Crystal Plasticity Finite Element Modelling of Tin Crystals Using Phase Fields

University essay from Lunds universitet/Hållfasthetslära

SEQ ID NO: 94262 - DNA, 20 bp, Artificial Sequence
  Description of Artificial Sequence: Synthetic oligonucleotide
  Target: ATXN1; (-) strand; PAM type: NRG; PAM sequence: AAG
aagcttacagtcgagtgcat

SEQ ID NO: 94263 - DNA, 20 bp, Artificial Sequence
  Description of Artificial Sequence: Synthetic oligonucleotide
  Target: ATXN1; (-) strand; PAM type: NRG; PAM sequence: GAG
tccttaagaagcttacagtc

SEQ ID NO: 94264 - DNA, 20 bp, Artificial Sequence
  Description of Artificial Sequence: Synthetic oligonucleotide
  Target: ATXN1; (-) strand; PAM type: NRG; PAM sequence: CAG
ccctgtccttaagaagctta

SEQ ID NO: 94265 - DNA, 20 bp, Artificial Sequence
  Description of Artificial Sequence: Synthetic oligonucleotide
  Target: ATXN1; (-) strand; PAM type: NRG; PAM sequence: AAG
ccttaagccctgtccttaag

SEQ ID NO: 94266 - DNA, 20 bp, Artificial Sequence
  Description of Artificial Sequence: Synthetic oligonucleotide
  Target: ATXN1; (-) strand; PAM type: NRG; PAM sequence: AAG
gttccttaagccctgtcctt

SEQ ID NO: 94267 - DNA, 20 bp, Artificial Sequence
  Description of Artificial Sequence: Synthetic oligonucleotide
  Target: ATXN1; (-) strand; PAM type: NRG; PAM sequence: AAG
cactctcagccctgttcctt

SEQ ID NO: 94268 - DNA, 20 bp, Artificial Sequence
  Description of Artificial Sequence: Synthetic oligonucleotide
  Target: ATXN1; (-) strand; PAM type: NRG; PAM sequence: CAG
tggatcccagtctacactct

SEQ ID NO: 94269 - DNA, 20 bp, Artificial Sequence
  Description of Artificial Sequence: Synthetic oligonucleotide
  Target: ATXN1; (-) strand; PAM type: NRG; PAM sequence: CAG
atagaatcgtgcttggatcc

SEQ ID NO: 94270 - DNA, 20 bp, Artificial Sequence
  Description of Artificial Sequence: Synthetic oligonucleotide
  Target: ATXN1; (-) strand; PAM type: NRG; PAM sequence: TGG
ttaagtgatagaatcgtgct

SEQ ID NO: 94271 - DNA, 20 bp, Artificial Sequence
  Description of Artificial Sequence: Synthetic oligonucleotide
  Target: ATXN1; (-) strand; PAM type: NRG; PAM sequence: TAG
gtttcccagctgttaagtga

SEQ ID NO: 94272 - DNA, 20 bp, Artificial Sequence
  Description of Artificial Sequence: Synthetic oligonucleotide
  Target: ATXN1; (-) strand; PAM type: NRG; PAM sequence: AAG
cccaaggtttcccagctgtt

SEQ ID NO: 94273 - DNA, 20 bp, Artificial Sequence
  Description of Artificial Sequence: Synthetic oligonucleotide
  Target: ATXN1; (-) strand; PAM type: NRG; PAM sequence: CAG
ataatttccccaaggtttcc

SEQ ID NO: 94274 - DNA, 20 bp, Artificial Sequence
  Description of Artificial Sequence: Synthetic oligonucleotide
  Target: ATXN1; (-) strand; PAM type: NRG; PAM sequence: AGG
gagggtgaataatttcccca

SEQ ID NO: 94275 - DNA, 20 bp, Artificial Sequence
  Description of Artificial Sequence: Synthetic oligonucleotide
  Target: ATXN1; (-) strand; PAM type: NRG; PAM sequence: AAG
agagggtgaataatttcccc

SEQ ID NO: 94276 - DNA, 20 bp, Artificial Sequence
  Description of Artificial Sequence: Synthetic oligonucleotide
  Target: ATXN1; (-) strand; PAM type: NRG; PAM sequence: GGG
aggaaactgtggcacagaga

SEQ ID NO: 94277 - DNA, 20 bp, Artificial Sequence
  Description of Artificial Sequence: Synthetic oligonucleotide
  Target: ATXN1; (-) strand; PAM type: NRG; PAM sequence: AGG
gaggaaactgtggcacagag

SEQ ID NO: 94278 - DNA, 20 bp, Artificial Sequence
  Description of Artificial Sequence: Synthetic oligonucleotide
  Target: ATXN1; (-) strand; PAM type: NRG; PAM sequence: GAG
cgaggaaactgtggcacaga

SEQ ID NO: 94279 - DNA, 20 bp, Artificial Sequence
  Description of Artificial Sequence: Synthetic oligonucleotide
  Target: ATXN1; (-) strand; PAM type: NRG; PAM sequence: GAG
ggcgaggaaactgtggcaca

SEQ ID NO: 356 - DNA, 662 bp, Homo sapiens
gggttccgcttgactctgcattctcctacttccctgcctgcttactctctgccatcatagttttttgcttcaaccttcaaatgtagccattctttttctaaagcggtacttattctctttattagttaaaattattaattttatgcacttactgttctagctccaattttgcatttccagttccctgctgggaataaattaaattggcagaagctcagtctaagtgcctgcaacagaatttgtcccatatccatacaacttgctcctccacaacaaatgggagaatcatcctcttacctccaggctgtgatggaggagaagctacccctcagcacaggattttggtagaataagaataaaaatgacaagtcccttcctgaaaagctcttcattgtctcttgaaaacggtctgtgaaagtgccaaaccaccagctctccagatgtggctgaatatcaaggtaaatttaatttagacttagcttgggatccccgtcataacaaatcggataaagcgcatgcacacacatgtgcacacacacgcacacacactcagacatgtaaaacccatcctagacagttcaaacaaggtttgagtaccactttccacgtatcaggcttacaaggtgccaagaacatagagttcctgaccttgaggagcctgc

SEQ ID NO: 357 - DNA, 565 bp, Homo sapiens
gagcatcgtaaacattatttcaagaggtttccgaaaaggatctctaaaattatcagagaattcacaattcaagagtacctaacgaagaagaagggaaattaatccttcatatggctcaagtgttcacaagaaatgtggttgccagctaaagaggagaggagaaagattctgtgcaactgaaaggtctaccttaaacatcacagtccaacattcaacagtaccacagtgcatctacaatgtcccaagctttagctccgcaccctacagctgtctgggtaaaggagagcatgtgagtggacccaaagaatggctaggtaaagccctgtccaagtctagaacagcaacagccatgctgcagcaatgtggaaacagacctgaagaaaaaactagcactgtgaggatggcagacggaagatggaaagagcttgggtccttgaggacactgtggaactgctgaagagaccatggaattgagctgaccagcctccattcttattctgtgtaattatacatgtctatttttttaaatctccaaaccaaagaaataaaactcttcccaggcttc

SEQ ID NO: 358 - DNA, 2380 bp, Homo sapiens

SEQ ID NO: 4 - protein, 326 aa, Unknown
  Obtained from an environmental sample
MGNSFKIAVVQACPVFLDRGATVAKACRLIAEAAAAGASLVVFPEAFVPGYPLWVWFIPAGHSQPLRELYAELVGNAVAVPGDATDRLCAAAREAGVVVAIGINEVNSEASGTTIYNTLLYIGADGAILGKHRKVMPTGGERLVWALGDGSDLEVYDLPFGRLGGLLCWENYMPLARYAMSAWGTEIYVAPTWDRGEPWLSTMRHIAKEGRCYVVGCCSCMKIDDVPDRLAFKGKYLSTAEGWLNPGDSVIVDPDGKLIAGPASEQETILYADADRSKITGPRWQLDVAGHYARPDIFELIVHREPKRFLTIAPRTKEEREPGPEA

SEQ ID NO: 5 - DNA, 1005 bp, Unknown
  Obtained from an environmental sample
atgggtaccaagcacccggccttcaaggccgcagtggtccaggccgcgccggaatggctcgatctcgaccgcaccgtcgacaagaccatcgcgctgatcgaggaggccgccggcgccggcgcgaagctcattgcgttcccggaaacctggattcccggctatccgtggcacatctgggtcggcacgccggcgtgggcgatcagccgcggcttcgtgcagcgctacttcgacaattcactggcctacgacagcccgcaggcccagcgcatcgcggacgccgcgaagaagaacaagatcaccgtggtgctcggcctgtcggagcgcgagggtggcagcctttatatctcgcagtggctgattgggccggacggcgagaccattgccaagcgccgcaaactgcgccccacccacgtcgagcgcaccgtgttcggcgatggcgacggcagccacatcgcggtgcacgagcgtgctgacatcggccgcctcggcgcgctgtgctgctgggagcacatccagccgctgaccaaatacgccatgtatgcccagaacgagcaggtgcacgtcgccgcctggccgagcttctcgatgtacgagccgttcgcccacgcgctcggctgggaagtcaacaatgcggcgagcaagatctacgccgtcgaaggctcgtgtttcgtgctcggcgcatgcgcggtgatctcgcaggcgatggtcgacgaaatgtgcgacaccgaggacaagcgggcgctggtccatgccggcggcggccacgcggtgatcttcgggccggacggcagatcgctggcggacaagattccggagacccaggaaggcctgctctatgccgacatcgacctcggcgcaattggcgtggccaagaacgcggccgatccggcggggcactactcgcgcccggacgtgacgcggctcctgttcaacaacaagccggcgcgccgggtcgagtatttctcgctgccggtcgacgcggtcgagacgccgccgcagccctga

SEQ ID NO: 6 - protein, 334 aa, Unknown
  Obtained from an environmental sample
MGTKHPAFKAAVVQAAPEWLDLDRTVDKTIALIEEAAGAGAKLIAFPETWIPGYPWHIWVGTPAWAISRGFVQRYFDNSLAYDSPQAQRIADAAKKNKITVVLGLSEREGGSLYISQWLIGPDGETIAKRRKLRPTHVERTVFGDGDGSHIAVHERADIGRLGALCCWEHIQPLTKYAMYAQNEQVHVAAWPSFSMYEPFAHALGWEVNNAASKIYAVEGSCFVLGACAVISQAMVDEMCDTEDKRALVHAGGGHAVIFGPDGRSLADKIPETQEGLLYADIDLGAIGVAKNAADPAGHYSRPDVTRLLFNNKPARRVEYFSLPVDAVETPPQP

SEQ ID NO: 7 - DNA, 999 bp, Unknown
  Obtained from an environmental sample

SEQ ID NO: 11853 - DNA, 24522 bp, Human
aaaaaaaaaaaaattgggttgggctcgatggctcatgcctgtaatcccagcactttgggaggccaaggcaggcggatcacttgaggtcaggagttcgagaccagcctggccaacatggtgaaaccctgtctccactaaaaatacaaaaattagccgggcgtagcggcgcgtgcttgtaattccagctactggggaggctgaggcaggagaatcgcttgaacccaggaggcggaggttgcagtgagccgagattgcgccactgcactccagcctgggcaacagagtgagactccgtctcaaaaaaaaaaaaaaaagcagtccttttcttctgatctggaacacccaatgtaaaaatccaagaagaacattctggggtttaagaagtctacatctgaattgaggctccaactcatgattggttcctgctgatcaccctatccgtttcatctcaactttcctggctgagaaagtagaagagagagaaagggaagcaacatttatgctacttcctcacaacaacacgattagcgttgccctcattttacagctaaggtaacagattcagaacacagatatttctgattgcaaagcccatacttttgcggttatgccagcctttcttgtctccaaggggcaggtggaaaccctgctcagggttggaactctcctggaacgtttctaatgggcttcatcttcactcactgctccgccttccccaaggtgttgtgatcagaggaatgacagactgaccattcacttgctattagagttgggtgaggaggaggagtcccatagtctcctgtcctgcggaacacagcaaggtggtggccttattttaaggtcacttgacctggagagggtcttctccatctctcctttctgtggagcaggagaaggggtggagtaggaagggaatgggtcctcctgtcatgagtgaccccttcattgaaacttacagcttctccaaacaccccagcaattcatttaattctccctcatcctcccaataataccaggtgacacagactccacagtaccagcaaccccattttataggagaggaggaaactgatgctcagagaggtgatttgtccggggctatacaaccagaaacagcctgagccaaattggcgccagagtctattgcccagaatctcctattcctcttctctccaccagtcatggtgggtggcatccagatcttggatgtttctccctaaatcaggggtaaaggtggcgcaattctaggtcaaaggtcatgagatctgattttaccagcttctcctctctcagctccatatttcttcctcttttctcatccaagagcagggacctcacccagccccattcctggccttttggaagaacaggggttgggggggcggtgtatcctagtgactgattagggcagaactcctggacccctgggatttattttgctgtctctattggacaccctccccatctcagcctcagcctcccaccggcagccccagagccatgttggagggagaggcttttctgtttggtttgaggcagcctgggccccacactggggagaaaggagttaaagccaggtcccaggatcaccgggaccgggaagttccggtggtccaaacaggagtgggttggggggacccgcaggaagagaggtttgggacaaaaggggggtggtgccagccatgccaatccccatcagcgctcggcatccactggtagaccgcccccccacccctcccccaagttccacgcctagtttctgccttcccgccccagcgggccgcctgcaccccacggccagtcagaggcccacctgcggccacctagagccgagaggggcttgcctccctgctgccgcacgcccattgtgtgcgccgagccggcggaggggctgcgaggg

Abstract: Tin whiskers have long caused issues to electronic components and made the subject of many articles. According to NASA the oldest reports concerning whiskers date back to the 1940's. The whiskers are single-crystals growing from, for example electronic components. Despite the long history of tin whiskers the actual cause of their growth is still unknown. The hypothesis held by the author is that the whiskers' growth is stress-driven by stresses originating from the formation of an inter metallic compound (IMC) which forms due to a minimisation of the Gibbs free energy when mixing copper (Cu) and tin (Sn). Thus it is believed that the IMC will grow due to diffusion as the Cu, and Sn layers are in contact, with following transformation strains due to the volume change originating from the formation of the IMC. The need of incorporating crystal plasticity in the simulations is justified by the white-tin crystal structure which is of body centred tetragonal type showing high anisotropy for elastic properties. The chosen crystal plasticity model is a creep model, and thus plasticity is always present, even though it may be minuscule. The variables chosen to model the plasticity are the slips of the crystal planes and an increasing resistance to these slips. Dislocations due to slips are modelled through dislocation pile ups giving rise to a plastic potential within the crystal. Moreover the crystal plasticity is presented for finite deformations whereas the phase field formulations and thus also the governing equations are presented in a small strain setting. Lastly the simulations were performed using MOOSE and were able to capture the anisotropic behaviour of the tin.

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